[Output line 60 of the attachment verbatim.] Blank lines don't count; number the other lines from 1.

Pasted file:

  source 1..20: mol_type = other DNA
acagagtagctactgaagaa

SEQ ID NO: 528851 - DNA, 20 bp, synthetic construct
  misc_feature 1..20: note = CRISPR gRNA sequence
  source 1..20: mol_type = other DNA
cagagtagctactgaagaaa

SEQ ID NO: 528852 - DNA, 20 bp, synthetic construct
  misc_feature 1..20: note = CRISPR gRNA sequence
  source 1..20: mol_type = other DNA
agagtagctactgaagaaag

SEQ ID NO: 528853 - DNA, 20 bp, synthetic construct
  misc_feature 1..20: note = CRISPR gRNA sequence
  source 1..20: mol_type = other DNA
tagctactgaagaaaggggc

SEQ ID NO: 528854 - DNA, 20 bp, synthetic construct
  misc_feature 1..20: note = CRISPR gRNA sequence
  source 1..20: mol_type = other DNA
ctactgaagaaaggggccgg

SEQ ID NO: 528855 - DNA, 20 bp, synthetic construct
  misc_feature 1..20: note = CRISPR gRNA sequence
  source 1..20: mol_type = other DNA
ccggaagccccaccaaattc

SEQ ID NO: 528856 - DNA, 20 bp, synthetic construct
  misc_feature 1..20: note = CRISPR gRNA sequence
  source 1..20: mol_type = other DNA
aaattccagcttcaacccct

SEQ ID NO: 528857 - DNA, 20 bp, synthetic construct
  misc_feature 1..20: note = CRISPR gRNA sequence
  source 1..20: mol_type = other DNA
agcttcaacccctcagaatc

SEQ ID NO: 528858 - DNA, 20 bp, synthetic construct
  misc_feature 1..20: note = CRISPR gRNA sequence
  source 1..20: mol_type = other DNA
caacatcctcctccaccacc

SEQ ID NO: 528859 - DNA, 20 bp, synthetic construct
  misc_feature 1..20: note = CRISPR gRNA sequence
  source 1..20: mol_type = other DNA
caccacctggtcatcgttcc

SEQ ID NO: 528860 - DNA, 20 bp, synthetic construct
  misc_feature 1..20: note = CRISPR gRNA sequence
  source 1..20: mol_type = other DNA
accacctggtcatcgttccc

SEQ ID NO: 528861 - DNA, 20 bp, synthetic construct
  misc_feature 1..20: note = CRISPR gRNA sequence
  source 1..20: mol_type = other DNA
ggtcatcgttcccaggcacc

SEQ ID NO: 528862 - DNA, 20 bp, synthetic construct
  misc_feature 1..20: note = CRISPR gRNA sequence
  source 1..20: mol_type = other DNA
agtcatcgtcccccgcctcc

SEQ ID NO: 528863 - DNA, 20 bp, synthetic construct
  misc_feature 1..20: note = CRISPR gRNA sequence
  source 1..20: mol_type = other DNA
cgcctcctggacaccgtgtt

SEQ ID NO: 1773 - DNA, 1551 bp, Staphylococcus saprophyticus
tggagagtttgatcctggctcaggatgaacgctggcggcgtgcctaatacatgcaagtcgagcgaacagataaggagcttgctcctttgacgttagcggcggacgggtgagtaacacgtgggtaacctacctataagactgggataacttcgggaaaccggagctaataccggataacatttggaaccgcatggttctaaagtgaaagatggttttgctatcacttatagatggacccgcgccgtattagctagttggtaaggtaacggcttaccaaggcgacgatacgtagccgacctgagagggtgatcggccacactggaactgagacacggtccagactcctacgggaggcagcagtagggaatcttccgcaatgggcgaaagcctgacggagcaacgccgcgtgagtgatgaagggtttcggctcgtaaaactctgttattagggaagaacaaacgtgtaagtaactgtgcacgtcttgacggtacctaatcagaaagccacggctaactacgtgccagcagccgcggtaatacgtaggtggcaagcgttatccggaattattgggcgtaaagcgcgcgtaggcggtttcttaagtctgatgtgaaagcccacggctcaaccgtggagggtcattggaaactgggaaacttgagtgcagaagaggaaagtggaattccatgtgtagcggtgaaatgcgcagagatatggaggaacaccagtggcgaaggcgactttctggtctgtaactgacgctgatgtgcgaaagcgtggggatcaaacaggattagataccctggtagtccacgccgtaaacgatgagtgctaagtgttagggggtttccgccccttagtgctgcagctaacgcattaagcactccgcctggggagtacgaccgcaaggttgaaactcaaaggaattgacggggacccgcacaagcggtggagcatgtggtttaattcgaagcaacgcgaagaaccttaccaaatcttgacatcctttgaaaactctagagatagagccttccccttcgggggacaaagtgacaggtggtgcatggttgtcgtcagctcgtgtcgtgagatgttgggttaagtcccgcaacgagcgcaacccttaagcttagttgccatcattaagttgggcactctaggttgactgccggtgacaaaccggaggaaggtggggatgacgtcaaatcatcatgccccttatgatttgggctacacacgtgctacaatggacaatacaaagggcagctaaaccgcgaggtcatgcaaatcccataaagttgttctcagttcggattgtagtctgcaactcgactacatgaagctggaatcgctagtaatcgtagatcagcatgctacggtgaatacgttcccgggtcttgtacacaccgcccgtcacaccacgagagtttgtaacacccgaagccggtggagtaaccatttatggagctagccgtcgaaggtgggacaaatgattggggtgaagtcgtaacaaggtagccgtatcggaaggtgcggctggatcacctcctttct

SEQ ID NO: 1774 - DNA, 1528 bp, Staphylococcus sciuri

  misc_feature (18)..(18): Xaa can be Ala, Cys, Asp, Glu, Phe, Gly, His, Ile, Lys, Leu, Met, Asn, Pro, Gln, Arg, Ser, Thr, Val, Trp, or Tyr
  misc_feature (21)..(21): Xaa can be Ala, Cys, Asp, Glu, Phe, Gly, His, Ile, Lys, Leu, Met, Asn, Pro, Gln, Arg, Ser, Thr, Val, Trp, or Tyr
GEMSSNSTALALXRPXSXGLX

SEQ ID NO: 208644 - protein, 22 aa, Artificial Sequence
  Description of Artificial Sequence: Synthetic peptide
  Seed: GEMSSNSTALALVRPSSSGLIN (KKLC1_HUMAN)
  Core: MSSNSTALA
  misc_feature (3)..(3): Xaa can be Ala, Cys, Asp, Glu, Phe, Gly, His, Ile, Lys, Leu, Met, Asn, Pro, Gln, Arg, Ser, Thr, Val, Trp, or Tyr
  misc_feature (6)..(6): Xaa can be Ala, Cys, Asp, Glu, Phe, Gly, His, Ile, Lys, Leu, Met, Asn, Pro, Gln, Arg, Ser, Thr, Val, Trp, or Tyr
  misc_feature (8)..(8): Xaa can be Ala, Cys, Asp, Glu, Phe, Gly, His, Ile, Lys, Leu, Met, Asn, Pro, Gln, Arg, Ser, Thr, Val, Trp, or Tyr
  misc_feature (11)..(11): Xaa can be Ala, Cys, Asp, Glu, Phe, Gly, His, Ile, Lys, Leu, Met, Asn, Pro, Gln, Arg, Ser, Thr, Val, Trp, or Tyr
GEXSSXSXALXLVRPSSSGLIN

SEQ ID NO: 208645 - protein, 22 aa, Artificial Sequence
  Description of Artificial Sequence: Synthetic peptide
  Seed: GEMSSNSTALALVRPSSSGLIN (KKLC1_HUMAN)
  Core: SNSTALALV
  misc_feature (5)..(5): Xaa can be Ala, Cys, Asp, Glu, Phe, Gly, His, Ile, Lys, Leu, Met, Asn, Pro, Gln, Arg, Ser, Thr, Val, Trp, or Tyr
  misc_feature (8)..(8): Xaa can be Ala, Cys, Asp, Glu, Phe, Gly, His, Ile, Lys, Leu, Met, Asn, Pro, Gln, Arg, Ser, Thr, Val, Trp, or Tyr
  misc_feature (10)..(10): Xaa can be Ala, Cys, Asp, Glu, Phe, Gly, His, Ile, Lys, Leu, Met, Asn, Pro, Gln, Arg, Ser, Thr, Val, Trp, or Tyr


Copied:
GEMSSNSTALALXRPXSXGLX